Wednesday, January 9, 2013
Court Upholds Conviction of Possessing Lethal Amounts of Ricin
By JACKIE FUCHS, Staff Writer
A man convicted of possessing lethal amounts of the biological toxin ricin was not entitled to habeas corpus relief, even though a forensic scientist who analyzed his belongings may have contaminated some of them, the Ninth U.S. Circuit of Appeals held yesterday.
Senior Judge Paul L. Friedman of the D.C. Circuit, sitting by designation, said the unanimous panel was “confident beyond doubt” that the jurors would have found Kenneth Olsen guilty even if they had known about a report which called into question the scientist’s credibility.
In 2001, test tubes and other chemistry paraphernalia were found in Olsen’s cubicle at Agilent Technologies, Inc., where Olsen worked as a computer technician, along with internet printouts and books with titles such as the “Terrorist Encyclopedia,” “How to Kill,” “Silent Death,” “Getting Even,” and the “Poisoner’s Handbook.”
The items were taken to the Washington State Patrol crime laboratory, where they were examined by forensic scientist Arnold Melnikoff, who found among the items a bag of castor beans and several bottles of medicine, including a bottle of Equate-brand allergy capsules, and a residue on some of the items he later identified as castor oil.
Suspecting that the items might contain ricin, a highly deadly poison derived from castor beans, Melnikoff sent them to the Federal Bureau of Investigation for analysis.
The FBI forwarded the items to the United States Army Medical Research Institute of Infectious Diseases, which confirmed that the items tested positive for ricin.
At trial, Olsen did not contest the fact that he produced and possessed ricin, but claimed that he did so only out of “an irresponsible sense of curiosity” about “strange and morbid things,” and not “for use as a weapon.”
The prosecution presented substantial evidence, however, that Olsen methodically researched undetectable ways to kill and spiked an Equate capsule with ricin.
After a 12-day trial, the jury convicted Olsen of knowingly possessing a chemical and biological agent for use as a weapon,
Olsen filed a habeas motion on numerous grounds, including a Brady v. Maryland claim based on the prosecution’s alleged suppression of a report containing criticisms of Melnikoff’s honesty and professional competence on other cases.
Senior District Judge William Fremming Nielsen of the Eastern District of Washington denied Olsen’s motion in its entirety, and the panel granted a certificate on four issues, including Olsen’s contention that the prosecution suppressed evidence about Melnikoff.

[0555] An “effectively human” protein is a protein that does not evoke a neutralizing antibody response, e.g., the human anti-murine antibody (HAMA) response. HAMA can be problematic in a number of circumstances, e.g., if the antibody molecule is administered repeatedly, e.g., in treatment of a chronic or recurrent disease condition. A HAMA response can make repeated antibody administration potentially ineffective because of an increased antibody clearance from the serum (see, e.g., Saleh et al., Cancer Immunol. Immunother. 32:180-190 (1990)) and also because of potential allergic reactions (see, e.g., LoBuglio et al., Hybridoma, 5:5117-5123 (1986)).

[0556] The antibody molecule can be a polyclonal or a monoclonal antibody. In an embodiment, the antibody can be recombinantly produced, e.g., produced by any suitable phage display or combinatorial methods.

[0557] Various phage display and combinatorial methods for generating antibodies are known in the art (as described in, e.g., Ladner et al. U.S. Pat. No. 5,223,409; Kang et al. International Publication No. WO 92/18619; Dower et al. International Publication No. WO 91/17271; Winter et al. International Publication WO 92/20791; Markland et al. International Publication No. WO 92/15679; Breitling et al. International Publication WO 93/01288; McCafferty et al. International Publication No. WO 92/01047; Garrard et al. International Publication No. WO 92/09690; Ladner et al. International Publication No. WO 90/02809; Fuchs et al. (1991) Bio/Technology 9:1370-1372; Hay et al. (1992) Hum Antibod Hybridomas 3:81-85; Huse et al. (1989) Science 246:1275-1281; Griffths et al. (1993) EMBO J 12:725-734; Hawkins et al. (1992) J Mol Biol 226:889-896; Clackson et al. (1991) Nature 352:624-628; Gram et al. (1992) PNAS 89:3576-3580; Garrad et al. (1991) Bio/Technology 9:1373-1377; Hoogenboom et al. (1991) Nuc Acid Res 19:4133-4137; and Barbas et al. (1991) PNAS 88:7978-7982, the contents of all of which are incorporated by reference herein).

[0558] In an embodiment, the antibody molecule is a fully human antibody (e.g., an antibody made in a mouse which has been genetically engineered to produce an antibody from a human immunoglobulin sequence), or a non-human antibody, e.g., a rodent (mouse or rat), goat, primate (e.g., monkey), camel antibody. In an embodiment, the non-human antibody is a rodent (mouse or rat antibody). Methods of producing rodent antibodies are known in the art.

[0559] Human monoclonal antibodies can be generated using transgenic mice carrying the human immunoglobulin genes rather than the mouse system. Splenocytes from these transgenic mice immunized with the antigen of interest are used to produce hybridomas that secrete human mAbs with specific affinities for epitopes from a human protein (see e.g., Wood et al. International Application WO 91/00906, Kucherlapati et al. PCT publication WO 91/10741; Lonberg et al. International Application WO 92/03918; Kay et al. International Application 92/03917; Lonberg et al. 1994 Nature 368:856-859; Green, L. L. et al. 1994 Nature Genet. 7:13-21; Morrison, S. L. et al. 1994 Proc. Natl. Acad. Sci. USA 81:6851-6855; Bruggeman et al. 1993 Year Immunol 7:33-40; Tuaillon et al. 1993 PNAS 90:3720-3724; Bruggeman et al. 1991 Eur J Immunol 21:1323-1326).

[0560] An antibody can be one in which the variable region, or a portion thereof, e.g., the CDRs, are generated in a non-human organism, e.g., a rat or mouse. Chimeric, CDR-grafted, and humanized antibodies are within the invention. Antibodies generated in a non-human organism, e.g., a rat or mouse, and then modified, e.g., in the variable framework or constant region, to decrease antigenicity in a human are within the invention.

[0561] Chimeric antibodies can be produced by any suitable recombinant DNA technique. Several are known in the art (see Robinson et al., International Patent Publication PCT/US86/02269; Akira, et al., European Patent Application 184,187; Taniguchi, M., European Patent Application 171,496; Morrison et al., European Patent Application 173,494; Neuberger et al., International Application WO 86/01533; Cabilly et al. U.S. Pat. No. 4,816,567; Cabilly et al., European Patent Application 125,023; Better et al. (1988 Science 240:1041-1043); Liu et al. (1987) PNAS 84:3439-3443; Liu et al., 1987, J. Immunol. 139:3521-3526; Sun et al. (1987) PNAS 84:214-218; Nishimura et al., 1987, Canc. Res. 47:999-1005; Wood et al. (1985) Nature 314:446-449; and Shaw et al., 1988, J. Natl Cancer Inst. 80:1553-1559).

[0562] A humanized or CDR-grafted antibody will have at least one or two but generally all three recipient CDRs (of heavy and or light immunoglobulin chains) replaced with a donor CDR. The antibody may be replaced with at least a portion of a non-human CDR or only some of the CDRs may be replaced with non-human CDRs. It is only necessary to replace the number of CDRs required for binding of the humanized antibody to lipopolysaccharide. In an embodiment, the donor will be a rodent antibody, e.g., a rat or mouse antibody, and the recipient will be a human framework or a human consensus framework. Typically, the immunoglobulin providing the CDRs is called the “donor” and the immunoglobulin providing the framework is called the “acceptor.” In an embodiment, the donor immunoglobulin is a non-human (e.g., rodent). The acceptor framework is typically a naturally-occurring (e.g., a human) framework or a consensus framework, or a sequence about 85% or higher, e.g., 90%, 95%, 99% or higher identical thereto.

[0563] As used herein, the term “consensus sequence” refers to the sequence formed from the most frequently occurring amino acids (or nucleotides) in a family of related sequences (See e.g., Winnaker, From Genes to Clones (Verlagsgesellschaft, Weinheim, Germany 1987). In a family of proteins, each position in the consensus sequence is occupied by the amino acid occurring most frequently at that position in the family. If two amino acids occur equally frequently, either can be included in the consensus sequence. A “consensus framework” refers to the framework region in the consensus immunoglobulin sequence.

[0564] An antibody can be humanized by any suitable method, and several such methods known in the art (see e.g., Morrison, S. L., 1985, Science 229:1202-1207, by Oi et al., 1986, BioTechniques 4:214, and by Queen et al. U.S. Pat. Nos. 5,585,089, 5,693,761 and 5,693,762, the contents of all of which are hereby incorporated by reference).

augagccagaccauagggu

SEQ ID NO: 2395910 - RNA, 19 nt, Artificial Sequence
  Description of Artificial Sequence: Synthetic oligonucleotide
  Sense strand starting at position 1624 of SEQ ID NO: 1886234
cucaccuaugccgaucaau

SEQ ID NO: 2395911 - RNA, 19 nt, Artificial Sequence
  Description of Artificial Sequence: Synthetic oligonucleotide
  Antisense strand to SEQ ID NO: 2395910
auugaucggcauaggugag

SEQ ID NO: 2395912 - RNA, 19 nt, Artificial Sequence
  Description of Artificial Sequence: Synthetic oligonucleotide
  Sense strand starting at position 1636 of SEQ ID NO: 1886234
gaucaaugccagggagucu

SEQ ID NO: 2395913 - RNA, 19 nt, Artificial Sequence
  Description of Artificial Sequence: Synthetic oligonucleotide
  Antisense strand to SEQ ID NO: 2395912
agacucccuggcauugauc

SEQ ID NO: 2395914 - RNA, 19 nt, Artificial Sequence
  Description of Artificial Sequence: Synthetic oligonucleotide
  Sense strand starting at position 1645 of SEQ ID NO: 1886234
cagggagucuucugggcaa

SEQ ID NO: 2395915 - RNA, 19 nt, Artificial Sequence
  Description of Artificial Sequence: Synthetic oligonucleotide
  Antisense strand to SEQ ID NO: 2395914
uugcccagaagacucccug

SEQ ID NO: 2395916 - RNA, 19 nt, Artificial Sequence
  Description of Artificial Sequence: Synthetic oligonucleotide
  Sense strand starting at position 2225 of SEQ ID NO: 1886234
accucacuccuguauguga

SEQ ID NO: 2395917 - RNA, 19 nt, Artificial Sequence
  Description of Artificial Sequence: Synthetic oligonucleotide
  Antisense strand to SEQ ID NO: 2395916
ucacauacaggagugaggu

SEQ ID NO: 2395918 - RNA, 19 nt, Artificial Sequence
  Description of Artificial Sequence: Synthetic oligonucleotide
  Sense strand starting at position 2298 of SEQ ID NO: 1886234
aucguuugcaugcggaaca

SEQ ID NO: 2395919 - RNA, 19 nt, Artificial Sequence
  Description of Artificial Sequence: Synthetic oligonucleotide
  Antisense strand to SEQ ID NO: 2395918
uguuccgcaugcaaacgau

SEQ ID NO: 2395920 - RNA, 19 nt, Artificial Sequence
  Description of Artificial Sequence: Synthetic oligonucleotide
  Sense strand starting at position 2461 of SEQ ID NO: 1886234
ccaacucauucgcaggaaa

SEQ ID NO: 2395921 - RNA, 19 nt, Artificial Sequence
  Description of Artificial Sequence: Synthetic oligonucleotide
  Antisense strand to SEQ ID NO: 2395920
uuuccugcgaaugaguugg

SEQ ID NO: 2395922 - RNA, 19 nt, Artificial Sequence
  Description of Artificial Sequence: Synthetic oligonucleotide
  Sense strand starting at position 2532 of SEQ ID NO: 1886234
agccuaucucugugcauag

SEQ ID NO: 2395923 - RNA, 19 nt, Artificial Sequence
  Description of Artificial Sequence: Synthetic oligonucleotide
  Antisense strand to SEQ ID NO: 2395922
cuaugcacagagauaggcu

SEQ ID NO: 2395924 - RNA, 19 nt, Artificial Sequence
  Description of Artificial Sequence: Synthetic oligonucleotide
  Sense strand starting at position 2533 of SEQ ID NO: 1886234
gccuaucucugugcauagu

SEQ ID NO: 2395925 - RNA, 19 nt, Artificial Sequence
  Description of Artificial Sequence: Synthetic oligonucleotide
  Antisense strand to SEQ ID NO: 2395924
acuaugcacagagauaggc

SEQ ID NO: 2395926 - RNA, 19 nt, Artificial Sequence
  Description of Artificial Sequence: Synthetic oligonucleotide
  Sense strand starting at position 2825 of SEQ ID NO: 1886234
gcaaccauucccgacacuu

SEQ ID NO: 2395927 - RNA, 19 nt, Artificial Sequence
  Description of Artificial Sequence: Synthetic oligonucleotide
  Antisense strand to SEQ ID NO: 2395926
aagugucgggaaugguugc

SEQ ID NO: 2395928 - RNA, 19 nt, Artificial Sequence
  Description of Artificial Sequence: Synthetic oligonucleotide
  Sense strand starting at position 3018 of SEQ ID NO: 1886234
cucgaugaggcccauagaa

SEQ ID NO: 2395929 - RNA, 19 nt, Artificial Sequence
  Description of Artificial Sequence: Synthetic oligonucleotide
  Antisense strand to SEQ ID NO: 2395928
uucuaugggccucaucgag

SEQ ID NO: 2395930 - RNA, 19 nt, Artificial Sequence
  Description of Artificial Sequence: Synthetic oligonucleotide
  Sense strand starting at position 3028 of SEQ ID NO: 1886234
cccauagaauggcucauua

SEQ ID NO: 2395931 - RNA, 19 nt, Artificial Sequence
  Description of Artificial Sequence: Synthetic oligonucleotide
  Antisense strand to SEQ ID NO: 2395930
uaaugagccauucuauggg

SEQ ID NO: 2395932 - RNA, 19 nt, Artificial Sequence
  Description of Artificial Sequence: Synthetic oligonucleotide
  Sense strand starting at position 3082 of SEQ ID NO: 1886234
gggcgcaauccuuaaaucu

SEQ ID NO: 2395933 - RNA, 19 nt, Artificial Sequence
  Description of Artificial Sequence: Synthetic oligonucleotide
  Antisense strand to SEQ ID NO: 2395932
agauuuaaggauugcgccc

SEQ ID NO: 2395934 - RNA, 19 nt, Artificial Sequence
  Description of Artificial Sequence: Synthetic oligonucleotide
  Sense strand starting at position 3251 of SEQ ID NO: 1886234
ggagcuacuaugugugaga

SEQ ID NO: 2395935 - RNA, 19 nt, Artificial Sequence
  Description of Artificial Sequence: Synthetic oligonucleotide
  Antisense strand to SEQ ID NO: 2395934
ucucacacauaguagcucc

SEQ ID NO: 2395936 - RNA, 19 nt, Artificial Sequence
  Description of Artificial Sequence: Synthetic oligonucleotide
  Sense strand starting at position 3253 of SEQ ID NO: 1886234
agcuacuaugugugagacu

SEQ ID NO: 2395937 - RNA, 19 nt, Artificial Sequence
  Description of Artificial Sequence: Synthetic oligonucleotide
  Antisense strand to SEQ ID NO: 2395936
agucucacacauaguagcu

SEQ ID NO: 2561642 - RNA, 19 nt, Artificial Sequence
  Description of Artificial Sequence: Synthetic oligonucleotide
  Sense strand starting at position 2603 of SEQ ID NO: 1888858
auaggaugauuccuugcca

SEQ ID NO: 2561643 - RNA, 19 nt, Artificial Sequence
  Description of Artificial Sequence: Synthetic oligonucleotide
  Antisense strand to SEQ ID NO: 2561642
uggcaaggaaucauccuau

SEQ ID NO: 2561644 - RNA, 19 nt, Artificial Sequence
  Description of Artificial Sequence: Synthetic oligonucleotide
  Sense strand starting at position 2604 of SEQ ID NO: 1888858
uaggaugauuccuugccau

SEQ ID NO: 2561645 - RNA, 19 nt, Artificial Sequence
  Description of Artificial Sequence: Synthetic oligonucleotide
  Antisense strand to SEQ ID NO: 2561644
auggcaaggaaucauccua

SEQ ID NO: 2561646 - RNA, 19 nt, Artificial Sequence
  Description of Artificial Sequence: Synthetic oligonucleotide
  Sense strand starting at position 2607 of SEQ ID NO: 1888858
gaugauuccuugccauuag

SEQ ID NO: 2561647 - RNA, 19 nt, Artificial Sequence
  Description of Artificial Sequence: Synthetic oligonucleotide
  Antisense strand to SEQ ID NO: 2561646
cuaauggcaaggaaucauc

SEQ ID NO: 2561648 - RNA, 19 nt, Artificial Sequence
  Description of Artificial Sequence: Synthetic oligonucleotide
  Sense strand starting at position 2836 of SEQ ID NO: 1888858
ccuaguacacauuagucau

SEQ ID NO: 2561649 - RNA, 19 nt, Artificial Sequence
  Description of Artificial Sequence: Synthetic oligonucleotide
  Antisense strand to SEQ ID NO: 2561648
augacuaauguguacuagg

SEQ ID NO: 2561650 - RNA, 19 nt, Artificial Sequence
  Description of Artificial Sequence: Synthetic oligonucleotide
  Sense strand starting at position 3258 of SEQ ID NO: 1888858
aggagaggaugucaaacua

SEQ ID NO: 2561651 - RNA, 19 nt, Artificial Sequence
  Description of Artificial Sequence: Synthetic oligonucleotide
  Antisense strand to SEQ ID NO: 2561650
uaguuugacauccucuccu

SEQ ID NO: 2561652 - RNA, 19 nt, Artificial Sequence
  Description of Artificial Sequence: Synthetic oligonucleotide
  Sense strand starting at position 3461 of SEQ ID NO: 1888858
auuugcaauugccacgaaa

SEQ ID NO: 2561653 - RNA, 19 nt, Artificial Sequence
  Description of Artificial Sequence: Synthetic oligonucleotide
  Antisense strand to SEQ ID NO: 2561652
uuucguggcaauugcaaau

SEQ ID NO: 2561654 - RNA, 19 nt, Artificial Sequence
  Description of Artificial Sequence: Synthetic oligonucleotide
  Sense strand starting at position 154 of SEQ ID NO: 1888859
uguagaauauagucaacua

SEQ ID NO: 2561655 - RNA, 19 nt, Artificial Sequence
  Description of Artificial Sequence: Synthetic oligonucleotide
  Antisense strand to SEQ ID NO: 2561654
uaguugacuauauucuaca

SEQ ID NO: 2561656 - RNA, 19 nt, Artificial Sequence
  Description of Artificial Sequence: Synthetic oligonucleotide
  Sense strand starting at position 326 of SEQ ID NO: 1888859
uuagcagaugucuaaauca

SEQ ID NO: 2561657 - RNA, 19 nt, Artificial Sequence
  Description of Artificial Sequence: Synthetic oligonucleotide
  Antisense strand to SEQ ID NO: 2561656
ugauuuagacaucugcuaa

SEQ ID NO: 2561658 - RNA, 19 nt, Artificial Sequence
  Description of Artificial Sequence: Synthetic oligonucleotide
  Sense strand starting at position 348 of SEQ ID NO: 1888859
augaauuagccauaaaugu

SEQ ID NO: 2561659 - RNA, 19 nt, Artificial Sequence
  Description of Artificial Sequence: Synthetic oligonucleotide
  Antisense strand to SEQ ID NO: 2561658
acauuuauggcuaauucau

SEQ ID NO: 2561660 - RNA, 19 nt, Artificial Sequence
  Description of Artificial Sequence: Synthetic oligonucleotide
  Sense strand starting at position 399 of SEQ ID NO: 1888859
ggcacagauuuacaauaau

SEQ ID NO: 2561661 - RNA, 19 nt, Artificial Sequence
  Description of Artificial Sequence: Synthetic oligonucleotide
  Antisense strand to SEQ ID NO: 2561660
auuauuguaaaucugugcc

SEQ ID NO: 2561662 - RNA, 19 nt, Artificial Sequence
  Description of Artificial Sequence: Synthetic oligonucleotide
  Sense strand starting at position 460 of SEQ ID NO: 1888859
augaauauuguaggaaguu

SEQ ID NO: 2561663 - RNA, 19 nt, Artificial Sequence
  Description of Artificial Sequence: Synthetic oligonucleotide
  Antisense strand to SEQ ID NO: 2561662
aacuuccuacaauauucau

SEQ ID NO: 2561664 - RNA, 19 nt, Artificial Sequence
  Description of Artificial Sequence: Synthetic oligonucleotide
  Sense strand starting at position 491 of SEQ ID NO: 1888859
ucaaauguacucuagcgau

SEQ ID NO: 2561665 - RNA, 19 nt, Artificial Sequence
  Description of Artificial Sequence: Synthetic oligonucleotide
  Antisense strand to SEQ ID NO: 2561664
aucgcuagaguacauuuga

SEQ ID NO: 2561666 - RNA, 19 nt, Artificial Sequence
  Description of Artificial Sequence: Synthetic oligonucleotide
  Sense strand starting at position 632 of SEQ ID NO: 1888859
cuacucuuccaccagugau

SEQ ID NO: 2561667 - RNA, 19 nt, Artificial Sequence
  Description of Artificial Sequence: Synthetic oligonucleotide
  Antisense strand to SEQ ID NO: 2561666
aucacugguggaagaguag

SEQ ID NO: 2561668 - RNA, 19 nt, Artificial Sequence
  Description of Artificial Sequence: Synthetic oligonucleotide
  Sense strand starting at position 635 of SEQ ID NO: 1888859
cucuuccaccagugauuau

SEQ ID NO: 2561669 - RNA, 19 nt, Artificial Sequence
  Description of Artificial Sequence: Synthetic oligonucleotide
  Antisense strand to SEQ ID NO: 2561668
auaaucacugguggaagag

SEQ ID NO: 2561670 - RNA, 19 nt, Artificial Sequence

In an affidavit filed in support of Olsen’s motion, an expert concluded it was “highly probable” that Melnikoff contaminated the Equate capsule with ricin after examining it on “a sheet of clean lab paper” on which he had already examined other items from Olsen’s cubicle.
More importantly, Olsen’s defense counsel asserted it had never received the file from an unrelated internal investigation of Melnikoff by the Washington State Patrol, in which experts called into question “Melnikoff’s diligence and care in the laboratory, his understanding of the scientific principles about which he testified in court, and his credibility on the witness stand.”
Although Assistant U.S. Attorney Earl Hicks informed the district court of the internal investigation during a pretrial hearing, he emphasized that no findings of any wrongdoing had yet been made.
Melnikoff subsequently testified before the jury about his handling and examination of the items from Olsen’s cubicle. Defense counsel was permitted to elicit from him only the fact that during his career complaints had been filed against him.
The panel held that even though the federal prosecutor did not provide Olsen with the state’s internal investigation file, there was no reasonable probability that the verdict would have been different had it been disclosed.
“Even if Melnikoff’s credibility as a witness had been totally destroyed, we are confident beyond doubt that the jury would have found Olsen guilty, based on the overwhelming evidence … that he intended to use the ricin he possessed as a weapon.”
The contaminated Equate pill was, the panel said, but one piece of evidence for which no innocent explanation was plausible. The prosecution convincingly demonstrated that Olsen produced enough ricin to kill at least 75 people and “more tellingly that Olsen carried out extra steps to …[enhance] its toxicity and deadliness.”
The evidence also showed that Olsen carried out a prolonged investigation into how to harm someone while avoiding detection, at time searching the internet with phrases including “silent killers,” “death by poison,” “tasteless poison,” “undetectable poisons,” “untraceable poisons,” and “painless death.”
Perhaps most incriminating of all, Friedman said, were Olsen’s mathematical calculations of the weight in kilograms of a 150-pound person, the approximate weight of Olsen’s wife, the woman with whom Olsen was having an affair, and Olsen’s former supervisor.
Friedman also did not accept Olsen’s claim his trial was tainted by a juror who provided two inaccurate answers in his juror questionnaire and who had prior knowledge about the case, saying that he accepted Nielson’s conclusion that the inaccuracies were the result of mistake, and that they did not constitute the “extreme” situation which would justify a presumption of partiality.
Senior Judge Mary M. Schroeder and Judge Ronald M. Gould concurred in the opinion.
The case is United States v. Olsen; No. 10-36064.
Copyright 2013, Metropolitan News Company